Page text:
Whew...quite a string of travels...not through it all yet. In the past month, I’ve been to TIBCO’s TUCON (San Francisco) and SAP’s SAPPHIRE (Orlando), plus a quick IT vendor consult...next week, I do Informatica (Vegas), then the following week Microsoft (Orlando)
Last week, I was at Forrester's IT Forum 2008 in Vegas, where, among other things, I participated in a panel session on blogging, focusing on how analyst relations (AR) professionals should relate to “influencers” in the blogosphere.
Organized by Forrester’s Analyst Relations Council and moderated by Forrester VP Laura Ramos, the panel brought together leading IT industry analyst/bloggers plus those who blog-about-analyst/bloggers: Carter Lusher, president Sage Circle; Dana Gardner, principal analyst, Interarbor Solutions; Bill Hopkins, founder & CEO, Knowledge Capital Group; and Jonathan Eunice, founder and principal consultant, Illuminata. Oh, and a “token” Forrester analyst who’s been kicking around the blogosphere for a few years, including, increasingly, under our information and knowledge management blog (in case you’re wondering why the rate of postings to my personal blog has dropped in the past few months--still searching for the right rhythm and balance and partitioning of the jim-o-spheres, left and right, between the two).
Last week’s Forrester AR Council panel was well-attended, and the questions from council members were excellent. My fellow panelists were everything we could have hoped: smart, informed, opinionated, articulate, provocative. I’ll leave it up to them, in their respective blogs, to repeat what they put forth.
Here now, is the first question that was posed to us, plus generally how Kobielus responded:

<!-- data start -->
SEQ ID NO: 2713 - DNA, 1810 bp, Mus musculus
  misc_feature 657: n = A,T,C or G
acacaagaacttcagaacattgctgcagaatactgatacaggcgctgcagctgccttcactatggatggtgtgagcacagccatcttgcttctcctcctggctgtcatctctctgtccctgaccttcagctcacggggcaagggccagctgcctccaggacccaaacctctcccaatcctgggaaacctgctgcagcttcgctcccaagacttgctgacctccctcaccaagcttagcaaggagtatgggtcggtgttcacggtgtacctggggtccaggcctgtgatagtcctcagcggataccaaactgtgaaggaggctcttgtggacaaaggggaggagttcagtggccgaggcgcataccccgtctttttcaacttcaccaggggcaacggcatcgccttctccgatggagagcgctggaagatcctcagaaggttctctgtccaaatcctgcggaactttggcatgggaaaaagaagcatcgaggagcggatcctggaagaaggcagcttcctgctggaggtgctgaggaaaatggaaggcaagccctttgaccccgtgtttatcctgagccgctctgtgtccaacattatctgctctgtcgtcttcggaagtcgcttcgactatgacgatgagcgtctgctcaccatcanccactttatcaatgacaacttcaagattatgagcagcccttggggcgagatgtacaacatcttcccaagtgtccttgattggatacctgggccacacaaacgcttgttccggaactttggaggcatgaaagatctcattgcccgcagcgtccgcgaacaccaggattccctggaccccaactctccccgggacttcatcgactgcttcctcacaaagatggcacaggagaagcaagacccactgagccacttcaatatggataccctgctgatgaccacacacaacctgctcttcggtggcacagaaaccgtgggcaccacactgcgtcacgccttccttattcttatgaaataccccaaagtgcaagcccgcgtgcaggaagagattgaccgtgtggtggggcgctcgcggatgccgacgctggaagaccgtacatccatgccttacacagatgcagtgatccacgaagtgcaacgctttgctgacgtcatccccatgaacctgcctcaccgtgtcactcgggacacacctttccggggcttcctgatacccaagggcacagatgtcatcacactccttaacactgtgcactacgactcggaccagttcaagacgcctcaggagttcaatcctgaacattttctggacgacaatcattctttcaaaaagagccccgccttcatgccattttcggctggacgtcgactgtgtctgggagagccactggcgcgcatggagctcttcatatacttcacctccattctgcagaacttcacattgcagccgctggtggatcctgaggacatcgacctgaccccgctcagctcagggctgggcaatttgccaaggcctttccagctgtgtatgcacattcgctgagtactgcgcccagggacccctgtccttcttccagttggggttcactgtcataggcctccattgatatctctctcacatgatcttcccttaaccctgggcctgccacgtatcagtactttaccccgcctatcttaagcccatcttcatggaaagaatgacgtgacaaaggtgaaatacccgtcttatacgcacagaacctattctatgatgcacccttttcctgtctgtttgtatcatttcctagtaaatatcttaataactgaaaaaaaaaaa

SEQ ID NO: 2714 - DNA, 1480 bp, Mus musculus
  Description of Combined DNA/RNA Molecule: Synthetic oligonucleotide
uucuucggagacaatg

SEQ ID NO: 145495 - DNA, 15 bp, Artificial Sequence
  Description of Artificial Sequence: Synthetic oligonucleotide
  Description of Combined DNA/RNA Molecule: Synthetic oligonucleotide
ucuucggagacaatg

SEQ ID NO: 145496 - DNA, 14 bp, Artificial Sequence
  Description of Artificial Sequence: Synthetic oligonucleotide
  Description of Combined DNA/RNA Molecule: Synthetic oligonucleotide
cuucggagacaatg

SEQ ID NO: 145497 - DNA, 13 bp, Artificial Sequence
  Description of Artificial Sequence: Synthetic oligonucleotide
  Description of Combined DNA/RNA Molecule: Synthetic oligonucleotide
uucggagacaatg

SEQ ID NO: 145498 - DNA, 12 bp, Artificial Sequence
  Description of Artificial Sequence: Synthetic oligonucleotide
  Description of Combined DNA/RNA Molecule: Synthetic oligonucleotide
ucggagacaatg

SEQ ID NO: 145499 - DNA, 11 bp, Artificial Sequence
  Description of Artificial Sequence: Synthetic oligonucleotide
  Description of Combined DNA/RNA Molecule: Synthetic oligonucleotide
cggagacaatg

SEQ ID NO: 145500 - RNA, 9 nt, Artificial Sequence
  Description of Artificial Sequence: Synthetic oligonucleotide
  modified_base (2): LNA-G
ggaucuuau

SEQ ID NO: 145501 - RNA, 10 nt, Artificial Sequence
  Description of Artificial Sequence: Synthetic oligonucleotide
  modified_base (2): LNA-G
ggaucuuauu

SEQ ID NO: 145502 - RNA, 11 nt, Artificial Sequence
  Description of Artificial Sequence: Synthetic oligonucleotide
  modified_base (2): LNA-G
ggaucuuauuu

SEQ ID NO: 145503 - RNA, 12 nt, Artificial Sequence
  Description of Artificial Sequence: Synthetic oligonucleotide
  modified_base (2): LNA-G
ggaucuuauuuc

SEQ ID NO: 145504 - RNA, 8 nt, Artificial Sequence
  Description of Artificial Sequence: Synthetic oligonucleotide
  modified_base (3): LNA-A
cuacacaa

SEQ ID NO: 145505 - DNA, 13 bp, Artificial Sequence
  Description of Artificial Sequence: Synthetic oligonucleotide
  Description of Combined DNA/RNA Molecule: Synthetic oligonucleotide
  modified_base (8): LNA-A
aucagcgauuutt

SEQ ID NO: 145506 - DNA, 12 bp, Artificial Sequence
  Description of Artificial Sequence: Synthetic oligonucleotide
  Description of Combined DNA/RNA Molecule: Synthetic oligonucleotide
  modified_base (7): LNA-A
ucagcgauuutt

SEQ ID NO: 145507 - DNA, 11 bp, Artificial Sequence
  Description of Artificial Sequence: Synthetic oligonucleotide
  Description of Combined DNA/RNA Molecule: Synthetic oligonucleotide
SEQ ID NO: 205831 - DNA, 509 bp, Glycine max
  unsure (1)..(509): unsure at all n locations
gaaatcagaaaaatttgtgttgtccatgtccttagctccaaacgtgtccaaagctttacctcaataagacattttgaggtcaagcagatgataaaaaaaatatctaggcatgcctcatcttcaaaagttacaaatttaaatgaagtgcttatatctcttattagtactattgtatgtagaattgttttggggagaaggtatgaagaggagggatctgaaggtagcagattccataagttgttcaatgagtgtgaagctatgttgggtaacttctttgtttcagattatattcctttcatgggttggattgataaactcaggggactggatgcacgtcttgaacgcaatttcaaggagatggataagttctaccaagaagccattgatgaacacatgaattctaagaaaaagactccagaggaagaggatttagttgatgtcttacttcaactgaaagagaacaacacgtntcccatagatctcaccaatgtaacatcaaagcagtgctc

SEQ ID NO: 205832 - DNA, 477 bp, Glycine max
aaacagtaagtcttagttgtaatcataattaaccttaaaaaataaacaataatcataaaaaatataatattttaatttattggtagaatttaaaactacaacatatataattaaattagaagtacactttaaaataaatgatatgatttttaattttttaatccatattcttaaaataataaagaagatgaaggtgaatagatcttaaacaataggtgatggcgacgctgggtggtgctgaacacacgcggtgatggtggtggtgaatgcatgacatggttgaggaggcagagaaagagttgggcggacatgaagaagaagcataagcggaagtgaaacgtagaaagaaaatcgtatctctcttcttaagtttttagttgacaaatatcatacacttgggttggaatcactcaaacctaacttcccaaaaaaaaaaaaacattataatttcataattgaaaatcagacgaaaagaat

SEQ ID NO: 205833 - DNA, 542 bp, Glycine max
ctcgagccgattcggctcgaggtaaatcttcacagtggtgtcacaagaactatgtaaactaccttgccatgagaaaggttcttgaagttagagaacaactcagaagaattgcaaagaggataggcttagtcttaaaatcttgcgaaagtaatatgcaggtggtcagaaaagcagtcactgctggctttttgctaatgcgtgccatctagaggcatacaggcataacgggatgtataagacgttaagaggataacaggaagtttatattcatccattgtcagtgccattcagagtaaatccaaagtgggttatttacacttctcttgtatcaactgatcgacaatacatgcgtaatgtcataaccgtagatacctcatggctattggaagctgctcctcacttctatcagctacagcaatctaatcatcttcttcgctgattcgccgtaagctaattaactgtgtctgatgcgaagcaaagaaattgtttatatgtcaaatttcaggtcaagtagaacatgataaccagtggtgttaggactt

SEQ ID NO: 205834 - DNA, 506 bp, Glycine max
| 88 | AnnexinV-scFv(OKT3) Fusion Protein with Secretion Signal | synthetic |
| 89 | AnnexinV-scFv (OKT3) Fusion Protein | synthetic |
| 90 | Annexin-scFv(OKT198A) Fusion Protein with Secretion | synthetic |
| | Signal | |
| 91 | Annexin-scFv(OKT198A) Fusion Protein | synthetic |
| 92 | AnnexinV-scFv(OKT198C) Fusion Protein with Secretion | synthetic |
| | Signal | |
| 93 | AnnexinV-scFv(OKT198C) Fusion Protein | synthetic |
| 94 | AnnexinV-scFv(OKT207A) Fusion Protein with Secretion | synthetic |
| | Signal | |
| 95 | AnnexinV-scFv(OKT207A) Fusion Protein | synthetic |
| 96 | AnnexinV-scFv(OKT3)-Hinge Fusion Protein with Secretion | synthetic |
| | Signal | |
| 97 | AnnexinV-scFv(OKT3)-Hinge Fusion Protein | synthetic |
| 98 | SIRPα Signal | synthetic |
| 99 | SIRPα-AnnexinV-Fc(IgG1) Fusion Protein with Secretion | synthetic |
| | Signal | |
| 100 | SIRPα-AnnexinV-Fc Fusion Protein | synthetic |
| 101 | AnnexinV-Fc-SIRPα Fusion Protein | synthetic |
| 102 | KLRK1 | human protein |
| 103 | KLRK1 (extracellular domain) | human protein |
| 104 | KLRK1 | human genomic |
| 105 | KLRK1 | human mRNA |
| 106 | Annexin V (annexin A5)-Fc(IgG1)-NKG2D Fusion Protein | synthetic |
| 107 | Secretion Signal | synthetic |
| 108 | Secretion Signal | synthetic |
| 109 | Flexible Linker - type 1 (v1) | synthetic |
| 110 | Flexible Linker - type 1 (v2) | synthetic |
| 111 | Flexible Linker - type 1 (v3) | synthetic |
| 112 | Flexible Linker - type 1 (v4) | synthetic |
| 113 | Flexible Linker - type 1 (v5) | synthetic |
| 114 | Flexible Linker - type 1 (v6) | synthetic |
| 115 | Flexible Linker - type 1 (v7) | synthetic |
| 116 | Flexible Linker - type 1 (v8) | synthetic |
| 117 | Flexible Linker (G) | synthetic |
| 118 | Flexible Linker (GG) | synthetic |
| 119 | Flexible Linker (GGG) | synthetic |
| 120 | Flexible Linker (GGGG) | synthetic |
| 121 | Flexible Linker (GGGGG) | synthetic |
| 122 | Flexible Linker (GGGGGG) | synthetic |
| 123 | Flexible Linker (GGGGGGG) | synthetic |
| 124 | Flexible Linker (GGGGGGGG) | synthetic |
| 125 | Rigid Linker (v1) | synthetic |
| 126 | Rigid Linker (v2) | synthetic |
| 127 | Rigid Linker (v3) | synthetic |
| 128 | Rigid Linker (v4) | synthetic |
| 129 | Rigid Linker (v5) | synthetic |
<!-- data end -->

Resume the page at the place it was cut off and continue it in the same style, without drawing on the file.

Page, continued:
- Q: How do AR professionals stay on top of bloggers and determine who to interact with and “influence” and who to ignore?
- A: Simply ask yourself who you read, who your colleagues read, your clients read--whose pieces you/all forward--whose you/all link to--whose ideas stick in your minds--whose names, reputations, and methodologies resonate with everybody in your immediate work environment and/or industry. Those are the indicators of “influence.” To the extent that analyst exerts such influence purely through one channel--blogging--all power to them. But the best analysts have always availed themselves of all channels at their disposal to inject their ideas into the bloodstream of the industry. Chances are that the chief “bloggers” are established analysts who have simply reinforced their brand through this medium. If they’ve made blogging the core of their for-pay business model, cool (and please explain how). Most of us analysts use blogging in various and sundry funky ways to supplement/promote our for-pay gigs.